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Thursday, September 18, 2014

Somewhere between Swift and Orwell

9/17/14






Back to church after the monthly SWEAT rally in front of the Department of Labor.

Another meeting with composer/conductor Thomas Bo.  I share with with him our vision/plan for Sunday mornings as a time of exploring music with special guests. With a  flash of inspired connection, he reaches into his briefcase and brings out the score for his composition Prophecy from a Refrigerator Box, written to a poem exploring the inner life of a street person who sleeps in a refrigerator box. Scored for a jazz trio. It’s neither ideological nor didactic but makes visible and demands reflection on what is often invisible. And how homelessness itself causes people to disappear, becoming invisible leads to disconnection leads to a retreat into an interior world. I say that Marc Greenberg of the Interfaith Assembly told me the first year I was here that more important than giving money to homeless people was simply seeing them, acknowledging their humanity. Marc’s principles and Thomas’ score are right in line.We also talk about Kristen Leigh’s ideas about performance and the sacred, how a musical creation is its own doorway into the spirit without needing didactic road maps. The same thing we’ve been working on with Mario and Jeremy G. Okay, Thomas, we’ll do something with this.

Anna and I sit and talk about what it means to be Presbyterian. The good and the bad. Our horizontal governance. The equality of ordinations of elders, deacons, pastors. Differences  in function, not importance or value.  And how my main role is that of teacher, and facilitator, not mediator. After years of being a congregant participant, she is ready to make a commitment, become a member. All that’s left is to  make to official and to welcome her.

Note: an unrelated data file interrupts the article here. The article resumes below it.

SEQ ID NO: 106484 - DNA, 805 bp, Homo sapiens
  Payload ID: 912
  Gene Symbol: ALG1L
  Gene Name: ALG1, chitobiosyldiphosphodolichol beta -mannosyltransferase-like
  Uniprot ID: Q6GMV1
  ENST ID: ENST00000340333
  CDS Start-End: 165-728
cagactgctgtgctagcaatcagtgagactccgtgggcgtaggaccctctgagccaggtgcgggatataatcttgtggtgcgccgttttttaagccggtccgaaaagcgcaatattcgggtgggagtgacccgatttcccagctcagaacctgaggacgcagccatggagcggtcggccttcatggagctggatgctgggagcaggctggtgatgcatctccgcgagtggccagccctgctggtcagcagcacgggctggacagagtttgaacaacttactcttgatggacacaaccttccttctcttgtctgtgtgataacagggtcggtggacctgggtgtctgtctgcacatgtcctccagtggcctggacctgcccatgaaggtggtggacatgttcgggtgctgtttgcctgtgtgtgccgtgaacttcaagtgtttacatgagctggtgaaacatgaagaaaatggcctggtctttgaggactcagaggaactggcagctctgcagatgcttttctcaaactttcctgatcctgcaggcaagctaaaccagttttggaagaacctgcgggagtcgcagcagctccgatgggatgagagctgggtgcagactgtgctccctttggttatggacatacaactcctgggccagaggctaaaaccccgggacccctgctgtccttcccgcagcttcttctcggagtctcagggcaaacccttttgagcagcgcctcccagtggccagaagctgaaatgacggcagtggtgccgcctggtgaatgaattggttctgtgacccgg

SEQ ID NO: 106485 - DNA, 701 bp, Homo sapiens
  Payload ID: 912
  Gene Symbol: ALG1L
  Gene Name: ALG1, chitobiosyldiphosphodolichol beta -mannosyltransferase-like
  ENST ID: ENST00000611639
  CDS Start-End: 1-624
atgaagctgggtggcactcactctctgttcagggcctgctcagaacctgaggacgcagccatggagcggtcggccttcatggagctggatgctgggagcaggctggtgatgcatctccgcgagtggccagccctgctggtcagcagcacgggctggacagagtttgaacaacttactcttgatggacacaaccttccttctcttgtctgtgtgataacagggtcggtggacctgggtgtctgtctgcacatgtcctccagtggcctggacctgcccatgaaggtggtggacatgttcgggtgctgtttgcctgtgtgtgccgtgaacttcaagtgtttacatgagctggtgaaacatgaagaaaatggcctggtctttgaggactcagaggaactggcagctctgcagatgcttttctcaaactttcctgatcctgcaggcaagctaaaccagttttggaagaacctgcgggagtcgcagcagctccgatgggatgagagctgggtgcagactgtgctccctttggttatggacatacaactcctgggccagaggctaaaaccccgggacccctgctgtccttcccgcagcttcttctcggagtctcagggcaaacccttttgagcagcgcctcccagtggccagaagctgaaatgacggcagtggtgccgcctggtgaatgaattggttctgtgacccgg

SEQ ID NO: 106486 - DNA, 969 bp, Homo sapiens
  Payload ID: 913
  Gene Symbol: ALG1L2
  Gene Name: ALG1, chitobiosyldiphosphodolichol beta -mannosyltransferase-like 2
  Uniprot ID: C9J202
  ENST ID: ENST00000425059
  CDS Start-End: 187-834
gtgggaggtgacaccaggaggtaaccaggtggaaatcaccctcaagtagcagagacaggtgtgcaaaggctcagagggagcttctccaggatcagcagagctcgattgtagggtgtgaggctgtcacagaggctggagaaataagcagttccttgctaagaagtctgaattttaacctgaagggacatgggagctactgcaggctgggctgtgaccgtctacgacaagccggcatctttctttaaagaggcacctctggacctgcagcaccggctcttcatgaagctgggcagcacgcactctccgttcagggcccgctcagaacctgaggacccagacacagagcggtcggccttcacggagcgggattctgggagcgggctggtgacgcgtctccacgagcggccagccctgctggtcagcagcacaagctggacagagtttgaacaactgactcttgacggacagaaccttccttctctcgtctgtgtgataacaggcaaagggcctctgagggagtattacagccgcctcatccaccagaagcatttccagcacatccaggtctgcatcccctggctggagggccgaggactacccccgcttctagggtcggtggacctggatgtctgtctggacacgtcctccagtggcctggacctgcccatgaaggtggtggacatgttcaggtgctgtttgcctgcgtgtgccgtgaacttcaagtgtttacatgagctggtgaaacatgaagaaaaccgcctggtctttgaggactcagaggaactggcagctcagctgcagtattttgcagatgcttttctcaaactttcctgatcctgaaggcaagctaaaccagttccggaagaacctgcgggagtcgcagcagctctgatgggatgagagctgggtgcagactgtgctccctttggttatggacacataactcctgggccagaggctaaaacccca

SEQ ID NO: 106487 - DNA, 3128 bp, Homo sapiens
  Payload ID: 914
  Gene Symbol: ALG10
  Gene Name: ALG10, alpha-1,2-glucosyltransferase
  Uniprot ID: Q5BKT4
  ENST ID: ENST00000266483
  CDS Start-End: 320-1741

Brian S is busy repainting the 86th street door what I call Holy Spirit red, the traditional church door color. I had previously made a blog complaint about the color and he reminded me that I should have spoken to him before writing about it and that he gladly would have repainted. He was absolutely right. And as true to his word as he is to his work. I hope that there will be room for further discussion. He’s bringing back to life a definitive era of American drama.

Officially welcome back the whole Noche core, Martin, Marina, Soli, Mitchell. Good to have them back in the house. 


The Session meets for its weekly update. It can be draining and exhausting, all the bureaucratic ins and outs of dealing with the city. Soviet bureaucracy had nothing on New York City’s labyrinthine ins and outs of permits and expeditors and commissions and dead ends. Somewhere between Swift and Orwell.

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